Simple models might be useful for the study of cognition. Hence, a wonderful model to uncover mechanisms of behavioural repertoire is the bee brain (honey bee and bumble bee predominantly). Bees possess a mini-brain with fewer than a million neurons, and yet exhibit impressive capabilities in learning and memory (in various sensory modalities: vision, olfaction and gustation). Unravelling the mysteries behind bee cognition by exploring the underlying neural mechanisms represents a very exciting challenge.
I am broadly interested in cognitive neuroscience, ecology, learning and memory. My research focuses on the behavioural aspects of sensory ecology and learning mechanisms in the bee brain.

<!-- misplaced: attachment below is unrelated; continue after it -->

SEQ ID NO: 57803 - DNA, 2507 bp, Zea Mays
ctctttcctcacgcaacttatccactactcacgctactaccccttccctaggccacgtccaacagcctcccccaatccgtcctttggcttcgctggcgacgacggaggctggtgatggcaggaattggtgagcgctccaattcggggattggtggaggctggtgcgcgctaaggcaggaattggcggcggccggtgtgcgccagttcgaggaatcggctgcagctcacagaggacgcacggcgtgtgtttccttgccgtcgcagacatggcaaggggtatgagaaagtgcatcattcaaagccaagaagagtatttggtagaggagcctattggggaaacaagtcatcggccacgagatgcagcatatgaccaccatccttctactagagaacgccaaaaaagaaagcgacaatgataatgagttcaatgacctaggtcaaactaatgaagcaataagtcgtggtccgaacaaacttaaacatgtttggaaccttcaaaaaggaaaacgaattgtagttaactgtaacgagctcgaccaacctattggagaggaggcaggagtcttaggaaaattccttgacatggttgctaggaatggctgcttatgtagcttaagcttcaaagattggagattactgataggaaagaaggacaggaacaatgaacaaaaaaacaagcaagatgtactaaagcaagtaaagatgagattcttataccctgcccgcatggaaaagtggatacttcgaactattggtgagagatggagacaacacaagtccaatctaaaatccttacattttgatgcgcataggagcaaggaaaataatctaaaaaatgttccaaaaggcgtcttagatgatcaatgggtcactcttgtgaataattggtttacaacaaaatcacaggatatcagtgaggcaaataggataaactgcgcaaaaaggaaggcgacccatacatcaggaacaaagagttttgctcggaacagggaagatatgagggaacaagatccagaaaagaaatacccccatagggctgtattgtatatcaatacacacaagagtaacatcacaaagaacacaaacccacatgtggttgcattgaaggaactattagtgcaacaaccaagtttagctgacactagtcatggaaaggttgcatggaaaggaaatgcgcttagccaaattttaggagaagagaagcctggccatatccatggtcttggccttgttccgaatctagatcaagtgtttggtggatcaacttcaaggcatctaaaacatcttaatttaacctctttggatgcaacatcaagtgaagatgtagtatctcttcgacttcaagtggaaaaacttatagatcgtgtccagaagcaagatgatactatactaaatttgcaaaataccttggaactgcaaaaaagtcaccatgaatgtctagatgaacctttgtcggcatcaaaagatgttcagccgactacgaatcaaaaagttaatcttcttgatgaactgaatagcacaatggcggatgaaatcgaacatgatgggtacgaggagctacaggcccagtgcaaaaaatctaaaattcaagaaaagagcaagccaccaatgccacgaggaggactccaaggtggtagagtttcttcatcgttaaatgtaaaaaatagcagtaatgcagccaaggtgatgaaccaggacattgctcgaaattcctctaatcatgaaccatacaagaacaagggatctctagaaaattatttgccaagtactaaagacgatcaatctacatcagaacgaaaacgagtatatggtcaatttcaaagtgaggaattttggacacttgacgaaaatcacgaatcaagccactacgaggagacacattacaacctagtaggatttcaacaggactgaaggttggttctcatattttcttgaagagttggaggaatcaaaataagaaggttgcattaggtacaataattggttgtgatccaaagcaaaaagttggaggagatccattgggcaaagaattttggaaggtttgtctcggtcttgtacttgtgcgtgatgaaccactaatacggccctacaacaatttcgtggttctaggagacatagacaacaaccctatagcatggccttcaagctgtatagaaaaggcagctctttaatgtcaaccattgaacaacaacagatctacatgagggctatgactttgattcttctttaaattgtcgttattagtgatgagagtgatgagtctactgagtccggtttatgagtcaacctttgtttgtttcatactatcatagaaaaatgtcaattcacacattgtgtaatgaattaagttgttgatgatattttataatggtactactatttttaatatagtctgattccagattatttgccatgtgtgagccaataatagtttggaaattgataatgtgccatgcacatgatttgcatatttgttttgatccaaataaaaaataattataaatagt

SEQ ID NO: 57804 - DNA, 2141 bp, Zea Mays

During my PhD, I was particularly interested about 'how' bees solve complex cognitive tasks (example: conceptual learning tasks). I 3D tracked bees' trajectories engaged in a variety of visual puzzle to understand how stereotypical of the bee body movements (active vision) in front of a pattern helped the bee recognise a rewarding pattern from an unrewarding one. My first post-doc created a bridge between the behavioural performances of bees and their visual anatomy, their ecology. Now aided by Prof. Barron, I am combining previously learnt techniques, modelling and new collaborations in an effort to understand how visual resolution, neural encoding and ecology shapes the bee's visual field while performing complex object recognition.